Finally got around to taking this one apart this morning and there were a couple surprises that differ from my older February 2017 production Maxamet model.
First, I immediately noticed that the blade pivot and lock bar pivot bushing/pins both have grooves cut in the center now. I also have a Maxamet Native 5 and that knife doesn't have these grooves. I assume this is to hold lube, or if that wasn't the purpose they still do that. I'd say they also somewhat reduce the surface contact area and that cuts down on friction a small amount.
Next I noticed that instead of the typical D shaped end of the pivot bushing like we see on a lot of other models, this one has a hexagonal head that seats tightly into the FRN scale.
I immediately got curious about my Maxamet Native, because I didn't remember seeing this. I looked back on my pics and noticed I didn't take the pivot all the way off on that knife. I can't remember if the thread locker stopped me from being able to or if I just didn't bother.
Here's that old pic...
So I figured I'd take it apart again and check but...
That screw just spins in place, because the embedded female screw anchor thing has broke loose from the FRN. This is my fault I suppose because I did use blue thread locker on this knife, but strangely enough it came with red thread locker (I remember posting about that when I first got it) so I'm a bit surprised about this. I'm not sure if Spyderco can even fix this, the screw would need to be drilled out and then a new female anchor epoxied into the FRN or something. Oh well, this knife just became pinned construction for me. I would highly recommend against using thread locker on these body screws or the clip screws, you're much better off losing a screw than the screw being stuck.
Anyway. The action is pretty great on this knife. The opening force isn't quite as pleasant as a Rock Jumper, requiring a lot more force to open, but it's quite smooth and the blade drops super easily when you press the lock.
One thing I used to do a lot was polish the lock ramp and tang but this one was polished at the factory. This may not be a new or recent thing they're doing but I know I've needed to do this on other models (Seki models). The lock bar head itself is also quite smooth so it isn't chewing up the tang ramp. Again this is something I've seen on other Spyderco back locks. The Golden folks seriously make the best back lock in the catalog.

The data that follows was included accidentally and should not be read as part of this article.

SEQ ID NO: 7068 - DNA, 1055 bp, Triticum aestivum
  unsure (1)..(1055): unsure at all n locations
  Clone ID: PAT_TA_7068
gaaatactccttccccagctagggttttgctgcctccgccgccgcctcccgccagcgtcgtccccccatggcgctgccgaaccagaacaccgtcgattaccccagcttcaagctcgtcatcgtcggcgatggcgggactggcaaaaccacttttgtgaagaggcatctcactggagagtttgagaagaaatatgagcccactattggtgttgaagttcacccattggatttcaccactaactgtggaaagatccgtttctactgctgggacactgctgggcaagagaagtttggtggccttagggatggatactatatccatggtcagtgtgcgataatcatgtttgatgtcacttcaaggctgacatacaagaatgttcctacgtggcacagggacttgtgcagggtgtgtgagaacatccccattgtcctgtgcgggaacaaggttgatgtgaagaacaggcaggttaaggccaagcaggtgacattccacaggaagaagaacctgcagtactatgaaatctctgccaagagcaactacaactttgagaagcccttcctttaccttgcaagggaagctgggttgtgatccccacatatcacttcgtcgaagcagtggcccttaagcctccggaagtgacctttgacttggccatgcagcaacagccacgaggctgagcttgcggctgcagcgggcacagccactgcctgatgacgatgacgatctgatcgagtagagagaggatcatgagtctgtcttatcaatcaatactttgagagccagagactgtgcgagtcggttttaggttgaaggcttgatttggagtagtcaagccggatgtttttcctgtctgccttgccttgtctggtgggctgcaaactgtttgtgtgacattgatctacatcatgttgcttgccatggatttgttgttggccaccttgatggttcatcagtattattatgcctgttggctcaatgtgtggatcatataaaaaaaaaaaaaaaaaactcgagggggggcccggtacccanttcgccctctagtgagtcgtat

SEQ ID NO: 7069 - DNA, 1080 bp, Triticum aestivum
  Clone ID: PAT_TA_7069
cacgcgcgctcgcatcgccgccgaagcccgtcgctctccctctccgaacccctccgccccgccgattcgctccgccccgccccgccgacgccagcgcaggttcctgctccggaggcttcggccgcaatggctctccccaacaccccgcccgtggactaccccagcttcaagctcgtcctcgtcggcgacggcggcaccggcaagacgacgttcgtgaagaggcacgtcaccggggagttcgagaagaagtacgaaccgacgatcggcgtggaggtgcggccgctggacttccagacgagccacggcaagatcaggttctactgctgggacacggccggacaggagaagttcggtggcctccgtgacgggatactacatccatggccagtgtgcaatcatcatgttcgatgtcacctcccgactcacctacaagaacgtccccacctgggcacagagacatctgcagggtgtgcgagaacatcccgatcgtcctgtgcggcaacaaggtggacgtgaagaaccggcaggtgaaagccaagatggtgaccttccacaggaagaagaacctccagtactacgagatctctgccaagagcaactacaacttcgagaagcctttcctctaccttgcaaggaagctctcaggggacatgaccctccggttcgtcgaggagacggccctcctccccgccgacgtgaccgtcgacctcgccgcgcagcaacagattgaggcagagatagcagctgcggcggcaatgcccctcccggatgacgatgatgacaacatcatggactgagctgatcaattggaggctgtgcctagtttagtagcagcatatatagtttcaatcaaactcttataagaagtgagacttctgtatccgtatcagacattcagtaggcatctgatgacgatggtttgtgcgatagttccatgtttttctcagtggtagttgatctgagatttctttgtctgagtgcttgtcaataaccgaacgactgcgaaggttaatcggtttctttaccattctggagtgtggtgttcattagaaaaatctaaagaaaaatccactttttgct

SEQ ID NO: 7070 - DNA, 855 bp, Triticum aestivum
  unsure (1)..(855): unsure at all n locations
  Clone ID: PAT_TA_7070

One thing I really like about these knives, that I think more people (particularly you anti-FRN G10 peeps) should appreciate it the way they mold these extra large "washers" into the scales. The end result here is a larger washer surface than you get with real washers and it goes a long way in making the pivot tighter. Considering these are linerless molded scales without washers, it really is impressive how accurate the molds come out and how good the resulting lock up is.
Another unusual thing I noticed are these weird grooves or cuts or whatever in the lock bar, and as much as they look like they might be a hidden screwup that you might not even notice, these marks are very similar to the marks on the Maxamet in the above pic so they certainly aren't blemishes. They probably have something to do with how the lock bar is cut out, but it's a weird little detail.
This knife has a pretty healthy amount of lock engagement too. This has been a concern for some of us when we see back locks where just the corner edge of the lock bar is engaging with the tang.
Something I think is often overlooked with back locks is how the lock bar also does effectively the same job as a back spacer and/or stop pin, and if you look at that pic you can see how much contact area there is between the blade tang and lock bar at this spot here...
And keep in mind that the blade stock thickness is 3.2mm and the lock bar itself is probably a teeny bit thicker, which added to that contact area I mentioned above plus the extra large molded washers all combine to really minimize side play in the pivot without the need to crank down the pivot screws.
And if anyone is wondering this knife was born in December of 2022. No idea what the C stands for.